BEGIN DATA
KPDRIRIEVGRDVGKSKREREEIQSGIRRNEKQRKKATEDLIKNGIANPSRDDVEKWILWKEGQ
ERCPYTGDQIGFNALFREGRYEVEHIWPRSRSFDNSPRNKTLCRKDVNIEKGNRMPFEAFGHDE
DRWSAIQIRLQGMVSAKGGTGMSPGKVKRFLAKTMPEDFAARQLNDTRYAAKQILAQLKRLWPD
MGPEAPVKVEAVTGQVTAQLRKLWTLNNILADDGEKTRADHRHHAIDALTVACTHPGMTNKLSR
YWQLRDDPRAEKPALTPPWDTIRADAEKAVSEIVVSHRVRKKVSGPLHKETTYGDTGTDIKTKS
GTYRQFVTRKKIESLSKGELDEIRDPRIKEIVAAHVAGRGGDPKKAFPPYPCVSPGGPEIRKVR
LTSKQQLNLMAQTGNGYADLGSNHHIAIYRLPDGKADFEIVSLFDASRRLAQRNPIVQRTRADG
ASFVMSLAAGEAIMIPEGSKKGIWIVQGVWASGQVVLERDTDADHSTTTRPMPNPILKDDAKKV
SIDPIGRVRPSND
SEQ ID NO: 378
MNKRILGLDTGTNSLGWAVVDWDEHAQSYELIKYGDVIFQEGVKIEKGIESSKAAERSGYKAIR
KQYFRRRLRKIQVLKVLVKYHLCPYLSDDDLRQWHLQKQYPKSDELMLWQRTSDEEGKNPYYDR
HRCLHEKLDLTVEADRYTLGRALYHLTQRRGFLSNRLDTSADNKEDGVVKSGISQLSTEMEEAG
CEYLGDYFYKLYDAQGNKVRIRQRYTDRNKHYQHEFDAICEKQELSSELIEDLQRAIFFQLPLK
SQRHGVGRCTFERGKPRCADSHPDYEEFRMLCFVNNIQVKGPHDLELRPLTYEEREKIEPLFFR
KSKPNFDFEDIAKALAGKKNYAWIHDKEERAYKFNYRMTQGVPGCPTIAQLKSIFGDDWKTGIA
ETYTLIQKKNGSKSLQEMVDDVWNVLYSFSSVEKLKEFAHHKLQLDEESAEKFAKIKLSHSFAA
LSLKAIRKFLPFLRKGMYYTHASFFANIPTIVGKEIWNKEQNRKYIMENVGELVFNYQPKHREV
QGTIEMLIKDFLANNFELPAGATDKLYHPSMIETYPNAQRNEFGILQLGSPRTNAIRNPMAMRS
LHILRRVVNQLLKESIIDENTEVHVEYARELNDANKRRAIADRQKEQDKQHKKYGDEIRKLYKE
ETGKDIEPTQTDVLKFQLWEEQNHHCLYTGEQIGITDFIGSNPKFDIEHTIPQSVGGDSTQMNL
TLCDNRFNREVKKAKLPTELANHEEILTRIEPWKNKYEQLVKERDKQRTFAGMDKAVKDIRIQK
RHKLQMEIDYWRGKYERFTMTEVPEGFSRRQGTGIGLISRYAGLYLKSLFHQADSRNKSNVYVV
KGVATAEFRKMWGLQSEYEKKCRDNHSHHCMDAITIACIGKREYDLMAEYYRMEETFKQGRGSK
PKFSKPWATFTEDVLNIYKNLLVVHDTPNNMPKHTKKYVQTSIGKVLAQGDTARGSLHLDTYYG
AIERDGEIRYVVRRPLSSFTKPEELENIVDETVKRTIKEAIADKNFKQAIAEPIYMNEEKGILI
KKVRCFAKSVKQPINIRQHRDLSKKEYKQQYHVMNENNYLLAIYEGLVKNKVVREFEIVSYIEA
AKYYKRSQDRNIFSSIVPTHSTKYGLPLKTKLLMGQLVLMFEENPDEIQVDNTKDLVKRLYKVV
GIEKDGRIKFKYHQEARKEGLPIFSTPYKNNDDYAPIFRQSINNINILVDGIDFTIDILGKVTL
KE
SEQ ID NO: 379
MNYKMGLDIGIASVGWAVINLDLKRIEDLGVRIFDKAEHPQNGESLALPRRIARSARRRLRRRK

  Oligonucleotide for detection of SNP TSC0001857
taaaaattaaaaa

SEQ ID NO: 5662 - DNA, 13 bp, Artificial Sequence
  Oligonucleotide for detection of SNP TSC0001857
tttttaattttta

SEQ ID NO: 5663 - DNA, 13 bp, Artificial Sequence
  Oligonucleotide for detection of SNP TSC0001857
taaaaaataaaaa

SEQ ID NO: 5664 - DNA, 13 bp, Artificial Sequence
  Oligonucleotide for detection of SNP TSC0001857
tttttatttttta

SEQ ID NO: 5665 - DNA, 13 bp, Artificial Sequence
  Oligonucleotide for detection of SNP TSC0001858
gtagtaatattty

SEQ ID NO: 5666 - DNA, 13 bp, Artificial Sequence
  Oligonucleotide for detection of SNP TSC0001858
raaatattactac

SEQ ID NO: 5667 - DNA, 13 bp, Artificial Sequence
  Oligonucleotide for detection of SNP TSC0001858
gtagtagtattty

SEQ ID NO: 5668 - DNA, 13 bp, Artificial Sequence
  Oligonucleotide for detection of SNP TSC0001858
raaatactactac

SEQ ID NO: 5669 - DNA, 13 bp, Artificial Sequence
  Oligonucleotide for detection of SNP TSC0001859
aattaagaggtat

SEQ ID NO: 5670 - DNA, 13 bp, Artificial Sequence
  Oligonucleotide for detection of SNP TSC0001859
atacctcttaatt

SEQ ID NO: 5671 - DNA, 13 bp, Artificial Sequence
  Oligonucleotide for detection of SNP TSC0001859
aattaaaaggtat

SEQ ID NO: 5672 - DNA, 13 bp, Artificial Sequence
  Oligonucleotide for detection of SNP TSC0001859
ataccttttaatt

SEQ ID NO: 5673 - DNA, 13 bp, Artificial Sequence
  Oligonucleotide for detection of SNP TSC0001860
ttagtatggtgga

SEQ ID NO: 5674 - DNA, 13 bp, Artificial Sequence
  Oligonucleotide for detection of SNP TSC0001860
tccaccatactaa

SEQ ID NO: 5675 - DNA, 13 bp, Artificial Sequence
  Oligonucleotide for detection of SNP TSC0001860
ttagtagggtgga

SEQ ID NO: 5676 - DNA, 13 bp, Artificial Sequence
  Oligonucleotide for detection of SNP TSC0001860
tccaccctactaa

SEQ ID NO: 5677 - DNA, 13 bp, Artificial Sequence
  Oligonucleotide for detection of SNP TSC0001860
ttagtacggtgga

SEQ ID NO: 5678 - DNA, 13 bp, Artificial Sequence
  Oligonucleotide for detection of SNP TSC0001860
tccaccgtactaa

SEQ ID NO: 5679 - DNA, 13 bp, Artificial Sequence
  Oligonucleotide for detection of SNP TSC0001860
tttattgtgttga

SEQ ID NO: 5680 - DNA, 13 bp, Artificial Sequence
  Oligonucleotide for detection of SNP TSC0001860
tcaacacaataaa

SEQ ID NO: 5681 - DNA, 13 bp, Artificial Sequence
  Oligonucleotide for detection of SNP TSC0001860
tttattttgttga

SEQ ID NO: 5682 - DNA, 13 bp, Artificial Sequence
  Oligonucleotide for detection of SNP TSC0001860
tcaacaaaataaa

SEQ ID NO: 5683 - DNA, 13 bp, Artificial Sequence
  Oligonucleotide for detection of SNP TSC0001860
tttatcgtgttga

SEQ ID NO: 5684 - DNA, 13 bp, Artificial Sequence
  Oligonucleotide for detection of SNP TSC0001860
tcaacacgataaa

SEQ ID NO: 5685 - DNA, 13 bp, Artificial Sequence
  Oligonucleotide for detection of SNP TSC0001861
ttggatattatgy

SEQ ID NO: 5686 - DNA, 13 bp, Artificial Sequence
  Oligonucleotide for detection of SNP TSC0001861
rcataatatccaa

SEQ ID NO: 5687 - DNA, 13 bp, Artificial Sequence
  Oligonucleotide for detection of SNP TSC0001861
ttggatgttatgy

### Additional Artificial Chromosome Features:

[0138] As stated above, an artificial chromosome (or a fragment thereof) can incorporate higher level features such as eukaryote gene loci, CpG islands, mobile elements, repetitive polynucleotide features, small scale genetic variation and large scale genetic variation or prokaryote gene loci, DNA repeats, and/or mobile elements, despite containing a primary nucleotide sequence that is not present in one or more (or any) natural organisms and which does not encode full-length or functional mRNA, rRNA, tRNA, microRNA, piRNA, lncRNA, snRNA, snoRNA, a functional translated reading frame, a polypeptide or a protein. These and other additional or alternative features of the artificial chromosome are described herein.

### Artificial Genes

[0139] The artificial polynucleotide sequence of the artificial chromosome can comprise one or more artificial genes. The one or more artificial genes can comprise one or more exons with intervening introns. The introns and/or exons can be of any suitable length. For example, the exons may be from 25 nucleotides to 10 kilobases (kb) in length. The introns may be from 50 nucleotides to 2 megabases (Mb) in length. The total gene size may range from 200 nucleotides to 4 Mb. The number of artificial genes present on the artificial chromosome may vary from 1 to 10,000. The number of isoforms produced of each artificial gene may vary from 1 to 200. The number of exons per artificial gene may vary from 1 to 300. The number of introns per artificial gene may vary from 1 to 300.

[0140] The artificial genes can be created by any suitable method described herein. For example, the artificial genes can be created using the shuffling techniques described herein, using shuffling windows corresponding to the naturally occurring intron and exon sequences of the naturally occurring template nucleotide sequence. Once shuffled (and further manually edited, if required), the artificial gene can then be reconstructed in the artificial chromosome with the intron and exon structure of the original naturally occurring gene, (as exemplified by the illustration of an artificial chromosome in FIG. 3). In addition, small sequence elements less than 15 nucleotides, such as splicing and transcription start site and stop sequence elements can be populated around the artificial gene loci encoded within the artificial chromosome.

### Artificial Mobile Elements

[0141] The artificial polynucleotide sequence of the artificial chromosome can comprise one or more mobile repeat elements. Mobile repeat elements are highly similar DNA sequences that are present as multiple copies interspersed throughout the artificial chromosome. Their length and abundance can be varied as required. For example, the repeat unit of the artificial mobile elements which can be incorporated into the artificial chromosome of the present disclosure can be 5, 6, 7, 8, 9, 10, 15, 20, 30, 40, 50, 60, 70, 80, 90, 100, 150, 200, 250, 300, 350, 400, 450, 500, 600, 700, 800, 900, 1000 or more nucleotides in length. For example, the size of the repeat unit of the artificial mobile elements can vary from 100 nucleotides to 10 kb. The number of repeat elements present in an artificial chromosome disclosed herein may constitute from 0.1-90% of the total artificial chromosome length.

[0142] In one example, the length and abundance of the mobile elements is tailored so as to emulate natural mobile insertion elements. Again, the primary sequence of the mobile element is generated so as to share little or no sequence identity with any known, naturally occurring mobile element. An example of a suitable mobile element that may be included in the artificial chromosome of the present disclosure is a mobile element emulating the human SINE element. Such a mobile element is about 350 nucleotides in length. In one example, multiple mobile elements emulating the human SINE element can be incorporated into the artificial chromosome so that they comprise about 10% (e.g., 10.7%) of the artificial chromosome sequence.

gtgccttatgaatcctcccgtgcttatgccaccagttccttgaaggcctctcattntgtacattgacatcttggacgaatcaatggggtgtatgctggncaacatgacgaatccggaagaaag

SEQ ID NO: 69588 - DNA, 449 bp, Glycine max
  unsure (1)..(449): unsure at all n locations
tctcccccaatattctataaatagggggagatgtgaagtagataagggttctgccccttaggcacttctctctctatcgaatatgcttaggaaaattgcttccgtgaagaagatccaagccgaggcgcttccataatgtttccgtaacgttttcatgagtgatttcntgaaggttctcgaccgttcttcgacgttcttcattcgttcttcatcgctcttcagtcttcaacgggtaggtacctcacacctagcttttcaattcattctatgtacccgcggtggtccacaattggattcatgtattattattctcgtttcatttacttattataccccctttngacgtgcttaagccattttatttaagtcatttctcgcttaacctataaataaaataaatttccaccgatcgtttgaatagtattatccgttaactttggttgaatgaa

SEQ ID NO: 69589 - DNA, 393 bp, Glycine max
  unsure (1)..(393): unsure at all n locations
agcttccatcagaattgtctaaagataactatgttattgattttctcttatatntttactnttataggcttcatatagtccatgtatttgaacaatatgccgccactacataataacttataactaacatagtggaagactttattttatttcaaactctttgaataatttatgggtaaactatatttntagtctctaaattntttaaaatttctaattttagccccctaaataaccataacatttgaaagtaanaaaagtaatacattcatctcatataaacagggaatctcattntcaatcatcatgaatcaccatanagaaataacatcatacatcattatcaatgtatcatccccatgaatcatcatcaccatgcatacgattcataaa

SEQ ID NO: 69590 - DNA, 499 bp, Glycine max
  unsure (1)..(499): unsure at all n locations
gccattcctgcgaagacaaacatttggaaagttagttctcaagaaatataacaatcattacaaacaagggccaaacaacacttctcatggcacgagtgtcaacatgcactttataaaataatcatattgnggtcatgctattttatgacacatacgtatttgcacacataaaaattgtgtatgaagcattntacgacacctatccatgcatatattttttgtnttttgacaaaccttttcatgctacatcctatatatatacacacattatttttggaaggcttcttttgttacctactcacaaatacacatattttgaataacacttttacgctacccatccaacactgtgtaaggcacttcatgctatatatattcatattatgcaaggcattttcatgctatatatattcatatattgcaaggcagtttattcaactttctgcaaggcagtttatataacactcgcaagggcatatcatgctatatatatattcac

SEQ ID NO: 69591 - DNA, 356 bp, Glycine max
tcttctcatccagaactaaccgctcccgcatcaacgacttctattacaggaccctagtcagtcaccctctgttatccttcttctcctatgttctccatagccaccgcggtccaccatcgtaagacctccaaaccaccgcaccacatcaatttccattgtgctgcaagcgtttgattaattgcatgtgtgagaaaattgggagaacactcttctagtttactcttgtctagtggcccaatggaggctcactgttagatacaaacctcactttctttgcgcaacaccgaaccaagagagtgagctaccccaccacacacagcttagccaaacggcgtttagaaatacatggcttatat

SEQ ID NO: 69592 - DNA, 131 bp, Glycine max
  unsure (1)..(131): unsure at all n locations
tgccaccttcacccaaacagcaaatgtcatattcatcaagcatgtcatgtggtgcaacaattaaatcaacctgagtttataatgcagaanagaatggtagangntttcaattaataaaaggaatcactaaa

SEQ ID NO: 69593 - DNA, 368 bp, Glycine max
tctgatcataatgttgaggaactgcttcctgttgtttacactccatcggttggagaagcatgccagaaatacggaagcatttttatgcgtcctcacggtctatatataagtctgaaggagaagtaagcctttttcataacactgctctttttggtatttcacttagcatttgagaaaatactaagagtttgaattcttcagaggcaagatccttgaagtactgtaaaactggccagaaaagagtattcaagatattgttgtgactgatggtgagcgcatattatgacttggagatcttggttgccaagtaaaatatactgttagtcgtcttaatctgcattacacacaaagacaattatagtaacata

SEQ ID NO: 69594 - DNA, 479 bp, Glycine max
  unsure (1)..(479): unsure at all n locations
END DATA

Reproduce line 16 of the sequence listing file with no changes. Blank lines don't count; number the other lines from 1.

KSKPNFDFEDIAKALAGKKNYAWIHDKEERAYKFNYRMTQGVPGCPTIAQLKSIFGDDWKTGIA